Canal estates (brackish)
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Brackish canal estates are man-made canals with locks or weirs that restrict connection to estuaries and therefore have limited tidal influence. The canals are usually dug into unconsolidated sedimentary aquifers including coastal sand masses (see coastal sand masses – beach ridges) or alluvia deposited during periods of higher sea level by fluvial processes in current river channels, floodplains, estuaries, deltas and other near-shore environments (see low-lying coastal swamps). These unconsolidated sedimentary aquifers store and transmit groundwater through inter-granular voids between gravel and sand particles. Groundwater within the unconsolidated sedimentary aquifers is predominantly fresh and may discharge into the canal. To prevent stagnation of water within the canal, marine water may be allowed to leak through the locks or in some cases is actively pumped into the canal resulting in brackish waters. These areas may support flora and fauna communities, ecological processes and delivery of ecosystem services.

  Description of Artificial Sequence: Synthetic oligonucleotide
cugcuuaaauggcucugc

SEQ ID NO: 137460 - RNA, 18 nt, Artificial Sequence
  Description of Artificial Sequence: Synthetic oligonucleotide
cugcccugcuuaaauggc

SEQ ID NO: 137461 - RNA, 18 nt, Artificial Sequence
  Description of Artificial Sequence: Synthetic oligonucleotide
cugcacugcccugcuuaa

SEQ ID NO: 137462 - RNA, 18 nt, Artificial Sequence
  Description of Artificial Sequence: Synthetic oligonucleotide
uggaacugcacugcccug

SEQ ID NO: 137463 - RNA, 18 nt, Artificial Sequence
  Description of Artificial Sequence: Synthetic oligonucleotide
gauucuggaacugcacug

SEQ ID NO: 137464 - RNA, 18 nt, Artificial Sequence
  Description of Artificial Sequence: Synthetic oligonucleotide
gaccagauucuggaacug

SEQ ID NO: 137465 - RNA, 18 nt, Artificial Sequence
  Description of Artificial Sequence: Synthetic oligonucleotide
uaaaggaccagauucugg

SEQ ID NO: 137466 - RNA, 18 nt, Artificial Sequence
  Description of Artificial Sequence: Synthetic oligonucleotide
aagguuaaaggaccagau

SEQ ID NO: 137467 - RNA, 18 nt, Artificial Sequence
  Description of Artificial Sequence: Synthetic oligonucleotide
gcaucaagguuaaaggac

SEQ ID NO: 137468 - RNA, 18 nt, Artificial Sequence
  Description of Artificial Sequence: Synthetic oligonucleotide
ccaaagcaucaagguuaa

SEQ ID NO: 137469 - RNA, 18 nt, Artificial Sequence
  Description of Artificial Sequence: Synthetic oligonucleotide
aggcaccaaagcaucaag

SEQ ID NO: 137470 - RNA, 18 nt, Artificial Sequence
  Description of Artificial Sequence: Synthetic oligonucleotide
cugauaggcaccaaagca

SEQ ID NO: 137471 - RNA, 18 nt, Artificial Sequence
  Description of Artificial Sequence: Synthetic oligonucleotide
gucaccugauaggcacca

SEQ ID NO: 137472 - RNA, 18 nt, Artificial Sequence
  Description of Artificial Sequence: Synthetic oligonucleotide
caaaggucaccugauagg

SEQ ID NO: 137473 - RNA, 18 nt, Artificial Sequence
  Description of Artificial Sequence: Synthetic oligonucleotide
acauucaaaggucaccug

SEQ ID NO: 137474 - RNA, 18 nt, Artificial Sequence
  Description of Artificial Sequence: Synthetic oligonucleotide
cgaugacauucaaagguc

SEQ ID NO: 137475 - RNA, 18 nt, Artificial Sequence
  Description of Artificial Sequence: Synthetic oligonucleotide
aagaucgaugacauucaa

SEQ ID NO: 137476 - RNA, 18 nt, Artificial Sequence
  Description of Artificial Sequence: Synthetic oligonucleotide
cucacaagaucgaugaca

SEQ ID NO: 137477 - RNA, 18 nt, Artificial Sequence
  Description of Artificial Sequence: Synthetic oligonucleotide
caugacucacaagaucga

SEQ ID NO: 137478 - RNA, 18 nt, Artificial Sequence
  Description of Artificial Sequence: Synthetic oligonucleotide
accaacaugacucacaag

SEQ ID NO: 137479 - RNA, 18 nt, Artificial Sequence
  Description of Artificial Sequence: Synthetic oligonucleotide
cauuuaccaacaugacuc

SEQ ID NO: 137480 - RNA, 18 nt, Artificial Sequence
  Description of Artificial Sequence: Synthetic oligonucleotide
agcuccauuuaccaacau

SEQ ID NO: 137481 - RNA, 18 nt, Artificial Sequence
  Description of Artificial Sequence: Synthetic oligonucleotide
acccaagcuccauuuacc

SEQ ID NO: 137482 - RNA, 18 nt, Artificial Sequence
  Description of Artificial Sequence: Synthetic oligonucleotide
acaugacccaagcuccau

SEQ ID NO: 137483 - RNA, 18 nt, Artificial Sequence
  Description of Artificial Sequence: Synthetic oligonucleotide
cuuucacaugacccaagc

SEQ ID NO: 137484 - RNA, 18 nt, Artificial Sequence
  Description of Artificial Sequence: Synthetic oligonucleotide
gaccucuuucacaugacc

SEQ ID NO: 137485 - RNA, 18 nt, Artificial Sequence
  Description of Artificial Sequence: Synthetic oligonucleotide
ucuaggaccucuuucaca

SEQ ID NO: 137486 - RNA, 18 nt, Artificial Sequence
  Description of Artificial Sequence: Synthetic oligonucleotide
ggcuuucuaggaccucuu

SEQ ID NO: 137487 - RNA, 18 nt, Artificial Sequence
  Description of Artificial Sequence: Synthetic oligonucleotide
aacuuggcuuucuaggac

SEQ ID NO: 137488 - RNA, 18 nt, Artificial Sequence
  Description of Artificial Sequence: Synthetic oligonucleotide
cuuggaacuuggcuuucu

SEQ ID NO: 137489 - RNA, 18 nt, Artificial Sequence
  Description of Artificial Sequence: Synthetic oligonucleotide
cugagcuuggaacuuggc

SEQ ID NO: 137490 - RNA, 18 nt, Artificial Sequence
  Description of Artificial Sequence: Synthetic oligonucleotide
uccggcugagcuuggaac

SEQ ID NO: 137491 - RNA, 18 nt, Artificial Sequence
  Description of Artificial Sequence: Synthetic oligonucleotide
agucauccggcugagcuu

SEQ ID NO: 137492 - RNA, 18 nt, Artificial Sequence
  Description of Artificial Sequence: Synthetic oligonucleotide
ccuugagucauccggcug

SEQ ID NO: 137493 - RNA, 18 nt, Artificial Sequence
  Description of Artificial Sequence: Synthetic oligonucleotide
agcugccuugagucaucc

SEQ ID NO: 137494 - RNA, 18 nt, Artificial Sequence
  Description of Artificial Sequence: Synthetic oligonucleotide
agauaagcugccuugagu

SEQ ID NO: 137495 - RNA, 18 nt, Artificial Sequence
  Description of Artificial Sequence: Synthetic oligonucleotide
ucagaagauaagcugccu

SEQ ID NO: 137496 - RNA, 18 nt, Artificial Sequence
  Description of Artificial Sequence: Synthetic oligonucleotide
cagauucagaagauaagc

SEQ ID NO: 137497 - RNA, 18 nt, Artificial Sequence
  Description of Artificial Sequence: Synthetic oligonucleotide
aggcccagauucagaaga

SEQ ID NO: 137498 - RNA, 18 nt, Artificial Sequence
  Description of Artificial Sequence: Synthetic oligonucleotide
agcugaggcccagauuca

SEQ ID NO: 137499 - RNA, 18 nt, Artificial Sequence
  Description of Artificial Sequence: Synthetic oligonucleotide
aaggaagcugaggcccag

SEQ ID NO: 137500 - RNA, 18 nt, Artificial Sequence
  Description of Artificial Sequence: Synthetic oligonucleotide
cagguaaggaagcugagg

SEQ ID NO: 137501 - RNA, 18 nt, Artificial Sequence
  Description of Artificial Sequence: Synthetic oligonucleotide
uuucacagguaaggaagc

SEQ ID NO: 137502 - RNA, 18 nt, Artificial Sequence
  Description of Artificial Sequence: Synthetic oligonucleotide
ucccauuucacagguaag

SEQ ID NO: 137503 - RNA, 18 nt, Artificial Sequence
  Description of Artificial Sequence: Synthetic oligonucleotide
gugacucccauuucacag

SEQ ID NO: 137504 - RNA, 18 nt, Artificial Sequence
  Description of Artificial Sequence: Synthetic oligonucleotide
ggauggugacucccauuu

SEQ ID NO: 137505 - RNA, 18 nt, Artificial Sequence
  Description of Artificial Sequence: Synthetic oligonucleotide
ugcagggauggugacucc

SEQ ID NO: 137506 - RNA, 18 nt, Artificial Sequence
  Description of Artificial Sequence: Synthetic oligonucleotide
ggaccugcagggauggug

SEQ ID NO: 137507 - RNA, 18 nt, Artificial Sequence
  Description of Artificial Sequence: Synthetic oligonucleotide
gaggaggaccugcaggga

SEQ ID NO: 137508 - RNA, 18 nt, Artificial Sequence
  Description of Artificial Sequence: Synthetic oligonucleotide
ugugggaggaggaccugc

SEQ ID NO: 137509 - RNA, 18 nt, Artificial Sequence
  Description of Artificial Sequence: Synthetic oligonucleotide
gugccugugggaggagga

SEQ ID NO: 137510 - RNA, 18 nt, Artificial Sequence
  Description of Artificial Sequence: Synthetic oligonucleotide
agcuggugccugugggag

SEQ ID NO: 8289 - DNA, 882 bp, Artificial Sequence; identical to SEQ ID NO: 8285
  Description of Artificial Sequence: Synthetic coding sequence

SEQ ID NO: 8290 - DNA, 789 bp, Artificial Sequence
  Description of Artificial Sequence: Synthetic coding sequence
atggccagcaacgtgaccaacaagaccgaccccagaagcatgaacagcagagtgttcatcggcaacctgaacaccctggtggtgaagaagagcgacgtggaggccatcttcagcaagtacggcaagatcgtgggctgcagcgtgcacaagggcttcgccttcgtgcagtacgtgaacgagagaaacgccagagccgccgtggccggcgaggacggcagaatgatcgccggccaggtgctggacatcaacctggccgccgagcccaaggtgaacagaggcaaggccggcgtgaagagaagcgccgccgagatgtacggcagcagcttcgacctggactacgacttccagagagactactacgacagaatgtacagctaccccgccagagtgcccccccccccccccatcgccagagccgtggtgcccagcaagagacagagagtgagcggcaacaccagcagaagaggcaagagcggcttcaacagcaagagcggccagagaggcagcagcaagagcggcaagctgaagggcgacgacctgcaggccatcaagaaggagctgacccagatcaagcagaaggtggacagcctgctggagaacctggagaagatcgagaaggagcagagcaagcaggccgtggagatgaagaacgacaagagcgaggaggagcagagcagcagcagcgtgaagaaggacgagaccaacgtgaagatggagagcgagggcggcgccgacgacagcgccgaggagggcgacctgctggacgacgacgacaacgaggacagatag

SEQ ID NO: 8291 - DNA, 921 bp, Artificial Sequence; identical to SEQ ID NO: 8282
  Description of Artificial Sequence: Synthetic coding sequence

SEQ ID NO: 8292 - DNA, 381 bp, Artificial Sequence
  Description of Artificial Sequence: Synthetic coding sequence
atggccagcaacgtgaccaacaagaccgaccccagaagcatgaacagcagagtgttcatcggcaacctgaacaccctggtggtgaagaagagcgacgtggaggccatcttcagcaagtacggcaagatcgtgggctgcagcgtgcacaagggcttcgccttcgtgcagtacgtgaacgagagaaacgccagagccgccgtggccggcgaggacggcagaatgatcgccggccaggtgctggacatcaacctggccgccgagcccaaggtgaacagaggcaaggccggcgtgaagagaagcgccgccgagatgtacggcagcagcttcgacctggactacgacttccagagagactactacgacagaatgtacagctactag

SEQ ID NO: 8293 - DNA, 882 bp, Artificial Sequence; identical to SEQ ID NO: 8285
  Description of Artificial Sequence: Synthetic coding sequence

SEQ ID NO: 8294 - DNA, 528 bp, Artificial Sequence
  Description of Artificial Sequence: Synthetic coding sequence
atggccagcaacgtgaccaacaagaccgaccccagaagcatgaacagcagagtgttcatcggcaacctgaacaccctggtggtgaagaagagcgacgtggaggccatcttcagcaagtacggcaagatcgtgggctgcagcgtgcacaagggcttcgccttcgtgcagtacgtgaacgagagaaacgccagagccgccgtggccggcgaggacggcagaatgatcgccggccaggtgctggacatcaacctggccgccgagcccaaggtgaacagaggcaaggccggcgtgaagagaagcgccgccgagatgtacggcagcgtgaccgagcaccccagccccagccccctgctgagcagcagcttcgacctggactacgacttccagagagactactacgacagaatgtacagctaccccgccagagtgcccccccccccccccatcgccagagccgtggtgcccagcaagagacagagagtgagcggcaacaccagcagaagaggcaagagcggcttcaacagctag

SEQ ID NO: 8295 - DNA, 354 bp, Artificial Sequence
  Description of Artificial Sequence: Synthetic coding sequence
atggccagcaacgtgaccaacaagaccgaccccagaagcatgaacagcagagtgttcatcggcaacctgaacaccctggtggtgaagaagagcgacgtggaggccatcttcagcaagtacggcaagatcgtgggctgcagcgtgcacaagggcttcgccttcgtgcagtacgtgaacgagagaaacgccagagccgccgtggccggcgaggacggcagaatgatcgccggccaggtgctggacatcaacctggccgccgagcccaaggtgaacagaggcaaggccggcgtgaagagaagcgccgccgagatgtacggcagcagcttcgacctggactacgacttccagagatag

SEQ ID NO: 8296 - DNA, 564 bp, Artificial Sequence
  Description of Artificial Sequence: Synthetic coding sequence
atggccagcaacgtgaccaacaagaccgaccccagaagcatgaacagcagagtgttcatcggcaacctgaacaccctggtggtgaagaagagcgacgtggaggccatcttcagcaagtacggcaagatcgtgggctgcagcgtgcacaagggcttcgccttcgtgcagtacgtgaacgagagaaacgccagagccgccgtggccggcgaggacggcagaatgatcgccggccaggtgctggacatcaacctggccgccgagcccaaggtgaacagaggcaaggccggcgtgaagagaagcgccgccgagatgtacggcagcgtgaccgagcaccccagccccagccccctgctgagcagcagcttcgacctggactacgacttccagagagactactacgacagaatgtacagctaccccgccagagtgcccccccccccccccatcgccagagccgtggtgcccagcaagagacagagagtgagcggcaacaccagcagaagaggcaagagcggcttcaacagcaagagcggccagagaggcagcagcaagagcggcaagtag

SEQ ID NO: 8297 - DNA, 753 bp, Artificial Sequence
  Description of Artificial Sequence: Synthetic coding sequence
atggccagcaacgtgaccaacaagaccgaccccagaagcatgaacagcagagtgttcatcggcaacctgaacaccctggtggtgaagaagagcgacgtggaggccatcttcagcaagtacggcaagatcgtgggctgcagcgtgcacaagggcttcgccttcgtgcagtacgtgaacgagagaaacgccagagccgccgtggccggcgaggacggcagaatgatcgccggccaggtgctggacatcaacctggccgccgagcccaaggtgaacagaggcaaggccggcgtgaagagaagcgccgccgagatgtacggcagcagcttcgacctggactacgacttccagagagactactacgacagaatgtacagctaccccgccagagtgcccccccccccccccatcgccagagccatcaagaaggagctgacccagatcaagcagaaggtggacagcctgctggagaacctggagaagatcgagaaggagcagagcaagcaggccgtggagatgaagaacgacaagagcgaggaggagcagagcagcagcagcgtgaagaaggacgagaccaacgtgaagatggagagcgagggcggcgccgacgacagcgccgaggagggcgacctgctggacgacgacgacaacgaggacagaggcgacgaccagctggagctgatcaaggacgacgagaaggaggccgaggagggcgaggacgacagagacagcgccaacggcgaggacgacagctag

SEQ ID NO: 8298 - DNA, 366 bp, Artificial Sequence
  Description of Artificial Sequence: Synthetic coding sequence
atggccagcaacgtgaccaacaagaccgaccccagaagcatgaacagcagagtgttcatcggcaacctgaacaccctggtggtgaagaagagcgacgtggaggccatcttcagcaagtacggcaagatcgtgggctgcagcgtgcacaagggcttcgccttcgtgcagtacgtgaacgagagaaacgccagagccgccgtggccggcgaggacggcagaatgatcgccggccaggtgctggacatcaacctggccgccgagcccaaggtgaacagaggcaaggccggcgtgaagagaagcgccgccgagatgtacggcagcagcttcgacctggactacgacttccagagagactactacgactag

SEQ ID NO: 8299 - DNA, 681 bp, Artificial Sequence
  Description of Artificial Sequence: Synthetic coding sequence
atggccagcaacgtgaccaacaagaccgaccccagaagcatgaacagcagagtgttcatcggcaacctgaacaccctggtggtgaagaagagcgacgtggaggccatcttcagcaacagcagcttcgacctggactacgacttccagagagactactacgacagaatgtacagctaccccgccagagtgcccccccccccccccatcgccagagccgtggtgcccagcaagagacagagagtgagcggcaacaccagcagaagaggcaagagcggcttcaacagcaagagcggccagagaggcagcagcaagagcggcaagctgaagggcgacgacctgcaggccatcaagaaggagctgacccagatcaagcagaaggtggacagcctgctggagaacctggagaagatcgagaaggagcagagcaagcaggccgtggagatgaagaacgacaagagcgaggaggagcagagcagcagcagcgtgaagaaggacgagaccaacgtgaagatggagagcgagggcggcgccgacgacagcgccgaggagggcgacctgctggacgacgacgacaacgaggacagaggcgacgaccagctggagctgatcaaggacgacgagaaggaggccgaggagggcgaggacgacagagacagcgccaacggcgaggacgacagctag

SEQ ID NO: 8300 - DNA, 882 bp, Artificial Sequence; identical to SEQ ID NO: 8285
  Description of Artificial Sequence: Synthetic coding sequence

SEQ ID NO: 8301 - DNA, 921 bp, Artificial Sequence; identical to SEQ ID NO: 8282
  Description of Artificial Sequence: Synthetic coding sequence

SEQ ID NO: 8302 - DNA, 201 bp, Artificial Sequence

Last updated: 18 December 2015
This page should be cited as:
Canal estates (brackish), WetlandInfo 2015, Queensland Government, Queensland, viewed 11 February 2019, .